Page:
Fly Fishing for Spring Bluegills

Fly Fishing for Spring Bluegills

One of the best experiences I ever had to take my wife fly fishing with me was on a trip to go bluegill fishing in the spring. Like most men getting my wife to go fishing was interesting to say the least. She had been with me on several trips going trout fishing but she ended up watching rather than fishing...which seemed boring to me.

One reason was, she said was she didn't catch a lot of fish. I had taken her trout fishing several times to try and see if she liked it, but she always ended up watching me fish after 30 minutes of not catching a fish. She loved being outdoors and so she was fine with tagging along for the trips. That all changed when I got her to try fishing for bluegills. I told her of a small stream I had often fished near by where she could catch 50-60 fish per day. She thought I was crazy but said she would try it and to make sure I wasn't telling long tales.

The first time she went I took along some spinning gear just to appease her in case she got frustrated trying to cast the fly rod and tying on her flies. So I grabbed 40lbs of gear and took the 40 minute drive to my spot. We ended up parking by a bridge above the stream and began unpacking all the stuff we had hoisted into my van. We looked more like 2 motley people about to swim in the river rather than fine fly fisherman. We were suited up in raggedy old T-shirts, cut-off jeans, boonie hats and suntan lotion that looked more like we were going into war with face paint on. Once I pumped up the raft we use for carrying all our gear through the water and got all the rods/water bottles/food/flies/sunglasses/cameras rigged up and situated we proceeded to climb down a path that led to the stream. After about a 5 minute walk we finally got down to the stream, after sounding like a herd of cattle with bells on in a hurricane. Upon our arrival to the put-in area I proceeded to put all out gear into our raft and tie it off to my waist and slowly get into the stream. Wet wading in the summer is the only way to go on a warm water stream. My wife commented how good the water felt as I prepared her spinning rod with a nice small mepps spinner. I demonstrated how to cast the old dusty Zebco 33 and how to retrieve it back and making sure the spinner was spinning. She said she understood and headed into the water where she proceeded to make her first cast straight up into the trees....we went over the casting lessons again.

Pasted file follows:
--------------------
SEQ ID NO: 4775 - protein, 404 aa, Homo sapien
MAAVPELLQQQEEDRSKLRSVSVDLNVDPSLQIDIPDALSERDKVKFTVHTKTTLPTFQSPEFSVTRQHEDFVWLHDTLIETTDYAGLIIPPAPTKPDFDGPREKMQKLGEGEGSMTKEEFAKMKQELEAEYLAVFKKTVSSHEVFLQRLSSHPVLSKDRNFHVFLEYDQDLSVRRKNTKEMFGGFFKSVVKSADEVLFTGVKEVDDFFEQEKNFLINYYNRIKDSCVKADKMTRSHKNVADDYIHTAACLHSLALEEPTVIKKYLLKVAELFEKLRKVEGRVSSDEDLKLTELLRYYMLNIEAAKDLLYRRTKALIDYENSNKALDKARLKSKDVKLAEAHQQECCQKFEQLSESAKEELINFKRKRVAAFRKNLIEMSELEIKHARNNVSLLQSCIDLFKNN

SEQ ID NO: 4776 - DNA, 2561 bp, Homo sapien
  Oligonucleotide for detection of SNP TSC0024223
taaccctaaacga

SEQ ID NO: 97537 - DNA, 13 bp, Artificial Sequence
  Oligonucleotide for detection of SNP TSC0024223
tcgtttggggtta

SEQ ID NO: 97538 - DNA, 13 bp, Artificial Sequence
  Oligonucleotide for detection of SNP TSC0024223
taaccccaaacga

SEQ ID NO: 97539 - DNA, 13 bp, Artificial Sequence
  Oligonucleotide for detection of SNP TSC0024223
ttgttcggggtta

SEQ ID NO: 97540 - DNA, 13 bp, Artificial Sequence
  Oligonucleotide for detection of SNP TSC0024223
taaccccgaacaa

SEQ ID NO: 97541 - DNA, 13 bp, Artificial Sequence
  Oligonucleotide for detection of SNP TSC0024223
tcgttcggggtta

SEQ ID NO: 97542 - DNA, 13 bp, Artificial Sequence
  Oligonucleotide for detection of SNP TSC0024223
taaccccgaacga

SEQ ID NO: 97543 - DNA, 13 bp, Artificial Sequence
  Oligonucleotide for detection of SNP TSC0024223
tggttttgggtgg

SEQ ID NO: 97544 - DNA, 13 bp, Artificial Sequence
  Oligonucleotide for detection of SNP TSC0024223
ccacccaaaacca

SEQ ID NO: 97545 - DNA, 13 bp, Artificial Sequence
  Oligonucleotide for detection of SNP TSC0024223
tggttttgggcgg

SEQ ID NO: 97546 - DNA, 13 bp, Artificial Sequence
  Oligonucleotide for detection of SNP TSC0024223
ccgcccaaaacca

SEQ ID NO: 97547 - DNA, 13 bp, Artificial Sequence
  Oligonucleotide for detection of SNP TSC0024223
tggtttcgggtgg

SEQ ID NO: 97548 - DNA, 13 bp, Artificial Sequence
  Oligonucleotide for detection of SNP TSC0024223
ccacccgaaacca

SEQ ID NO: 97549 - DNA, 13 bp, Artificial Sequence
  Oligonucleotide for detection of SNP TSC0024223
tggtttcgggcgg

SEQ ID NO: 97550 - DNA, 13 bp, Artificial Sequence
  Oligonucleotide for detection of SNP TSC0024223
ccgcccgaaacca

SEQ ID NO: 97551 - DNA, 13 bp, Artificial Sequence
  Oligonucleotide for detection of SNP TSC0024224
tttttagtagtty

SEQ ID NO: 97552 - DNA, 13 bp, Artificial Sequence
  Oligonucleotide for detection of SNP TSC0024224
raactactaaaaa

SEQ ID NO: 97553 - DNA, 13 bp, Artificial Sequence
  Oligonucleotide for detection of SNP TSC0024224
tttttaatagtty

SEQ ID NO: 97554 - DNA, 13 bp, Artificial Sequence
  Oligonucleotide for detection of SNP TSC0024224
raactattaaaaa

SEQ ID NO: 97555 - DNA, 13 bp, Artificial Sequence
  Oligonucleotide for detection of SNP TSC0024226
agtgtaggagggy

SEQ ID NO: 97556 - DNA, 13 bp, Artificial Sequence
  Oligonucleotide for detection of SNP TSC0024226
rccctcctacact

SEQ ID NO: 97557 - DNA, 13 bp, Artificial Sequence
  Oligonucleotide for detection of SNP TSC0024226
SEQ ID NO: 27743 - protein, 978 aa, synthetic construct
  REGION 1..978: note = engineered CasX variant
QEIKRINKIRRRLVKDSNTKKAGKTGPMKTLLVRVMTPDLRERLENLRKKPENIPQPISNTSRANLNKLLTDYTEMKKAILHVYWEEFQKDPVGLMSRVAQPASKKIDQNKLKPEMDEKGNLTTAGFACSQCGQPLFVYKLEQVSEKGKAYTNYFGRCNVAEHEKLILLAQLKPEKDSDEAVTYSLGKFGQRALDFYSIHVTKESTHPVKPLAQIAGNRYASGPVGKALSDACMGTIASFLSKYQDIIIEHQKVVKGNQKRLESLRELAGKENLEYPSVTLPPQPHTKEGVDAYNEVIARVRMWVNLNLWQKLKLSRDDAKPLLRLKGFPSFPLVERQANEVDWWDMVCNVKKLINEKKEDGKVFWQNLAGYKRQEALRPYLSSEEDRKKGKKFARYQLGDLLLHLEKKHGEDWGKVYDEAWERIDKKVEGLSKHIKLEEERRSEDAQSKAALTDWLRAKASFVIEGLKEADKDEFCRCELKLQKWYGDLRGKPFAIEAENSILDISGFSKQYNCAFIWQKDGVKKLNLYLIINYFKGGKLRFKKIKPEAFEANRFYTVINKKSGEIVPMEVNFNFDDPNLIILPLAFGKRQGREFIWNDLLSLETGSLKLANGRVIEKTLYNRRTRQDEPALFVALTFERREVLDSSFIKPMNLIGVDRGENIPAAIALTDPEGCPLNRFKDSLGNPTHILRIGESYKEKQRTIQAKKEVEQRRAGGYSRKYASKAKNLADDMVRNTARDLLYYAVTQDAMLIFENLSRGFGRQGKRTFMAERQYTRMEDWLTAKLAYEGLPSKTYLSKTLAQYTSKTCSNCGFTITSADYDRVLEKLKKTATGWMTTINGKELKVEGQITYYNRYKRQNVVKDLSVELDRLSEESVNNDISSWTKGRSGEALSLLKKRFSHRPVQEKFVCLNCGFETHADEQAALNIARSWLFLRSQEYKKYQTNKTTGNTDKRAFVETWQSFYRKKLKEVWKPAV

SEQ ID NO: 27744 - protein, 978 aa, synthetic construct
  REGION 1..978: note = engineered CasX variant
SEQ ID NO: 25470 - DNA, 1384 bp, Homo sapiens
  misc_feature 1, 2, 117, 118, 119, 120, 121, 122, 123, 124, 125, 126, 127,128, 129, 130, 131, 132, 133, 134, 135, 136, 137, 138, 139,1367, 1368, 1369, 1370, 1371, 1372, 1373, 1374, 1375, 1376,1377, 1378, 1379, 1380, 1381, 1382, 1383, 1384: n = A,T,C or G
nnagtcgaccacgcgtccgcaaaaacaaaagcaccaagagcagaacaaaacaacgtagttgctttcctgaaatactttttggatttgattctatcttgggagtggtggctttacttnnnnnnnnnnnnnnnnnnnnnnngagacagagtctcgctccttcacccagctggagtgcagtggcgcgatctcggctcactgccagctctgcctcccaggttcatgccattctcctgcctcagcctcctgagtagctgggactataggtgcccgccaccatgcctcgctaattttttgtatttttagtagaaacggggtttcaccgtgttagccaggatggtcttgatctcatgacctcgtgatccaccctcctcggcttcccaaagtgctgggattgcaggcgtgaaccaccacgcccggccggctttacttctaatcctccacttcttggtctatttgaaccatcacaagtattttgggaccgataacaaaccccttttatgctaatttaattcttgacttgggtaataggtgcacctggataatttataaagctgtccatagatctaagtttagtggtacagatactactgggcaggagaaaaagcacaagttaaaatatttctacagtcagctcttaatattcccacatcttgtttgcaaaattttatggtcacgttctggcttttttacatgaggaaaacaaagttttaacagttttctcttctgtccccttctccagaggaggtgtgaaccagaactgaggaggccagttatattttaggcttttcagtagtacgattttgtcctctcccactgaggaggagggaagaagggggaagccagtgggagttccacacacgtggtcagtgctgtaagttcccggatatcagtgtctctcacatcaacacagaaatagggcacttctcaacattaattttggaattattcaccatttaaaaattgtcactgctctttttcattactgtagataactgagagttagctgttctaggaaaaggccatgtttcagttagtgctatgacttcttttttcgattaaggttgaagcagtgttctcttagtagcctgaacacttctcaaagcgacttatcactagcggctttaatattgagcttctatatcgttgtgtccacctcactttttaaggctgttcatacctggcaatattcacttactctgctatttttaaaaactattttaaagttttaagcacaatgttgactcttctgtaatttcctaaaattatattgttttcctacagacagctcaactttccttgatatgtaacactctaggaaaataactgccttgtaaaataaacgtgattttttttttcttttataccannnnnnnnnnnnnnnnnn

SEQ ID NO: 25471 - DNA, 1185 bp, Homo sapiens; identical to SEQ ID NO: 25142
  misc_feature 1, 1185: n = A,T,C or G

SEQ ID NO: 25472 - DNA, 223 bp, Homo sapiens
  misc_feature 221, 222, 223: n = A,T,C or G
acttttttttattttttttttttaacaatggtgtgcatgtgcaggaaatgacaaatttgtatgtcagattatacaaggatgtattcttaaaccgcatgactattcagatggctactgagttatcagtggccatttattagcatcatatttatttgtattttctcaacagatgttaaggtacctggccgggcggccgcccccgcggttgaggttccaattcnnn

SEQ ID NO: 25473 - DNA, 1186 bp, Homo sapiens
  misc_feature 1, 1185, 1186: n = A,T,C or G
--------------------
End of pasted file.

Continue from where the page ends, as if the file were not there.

Once she got her casting down after 5-6 tries and I tied the correct tippet on my line with a nice brown Beadhead Woolly Bugger tied to the end of it, we proceeded to fish. She threw about 4 times and got another fish on and we hadn't walked 10 feet into the stream yet. She was so excited to say the least. She pulled in a nice looking Redbreast Sunfish that looked more like a tropical fish than it does a fresh water fish. She was amazed by how beautiful the fish was and how strong it pulled. She finally got the fish off her mepps spinner and proceeded to cast again. The spinner no sooner hit the water and she had another fish on...she was ecstatic at this point and could not believe she caught 2 fishing in less than 2 minutes. Needless to say she was hooked from there on.

It's been 10 years since I first took my wife there and now loves to fish because she can catch fish thanks to Mr. Redbreast Sunfish. We take our son with us when we go too, but it was never hard to convince him to want to go fishing. It was the best thing I ever did to get my family into fishing.

One of the easiest things to do in fly fishing to get you started and hooked, not frustrated, is to start with warm water fish like the Bluegills and other Sunfish. You don't need to travel far or have lots of expensive equipment. You can get a starter package for about $20-$40. It's easier for them to change spinners and easy to to catch fish with 3 hooks rather than 1. There are plenty of fish to be had and they are only minutes from your house. With spring coming up there is no better time to get everyone in your family started and hooked on fishing.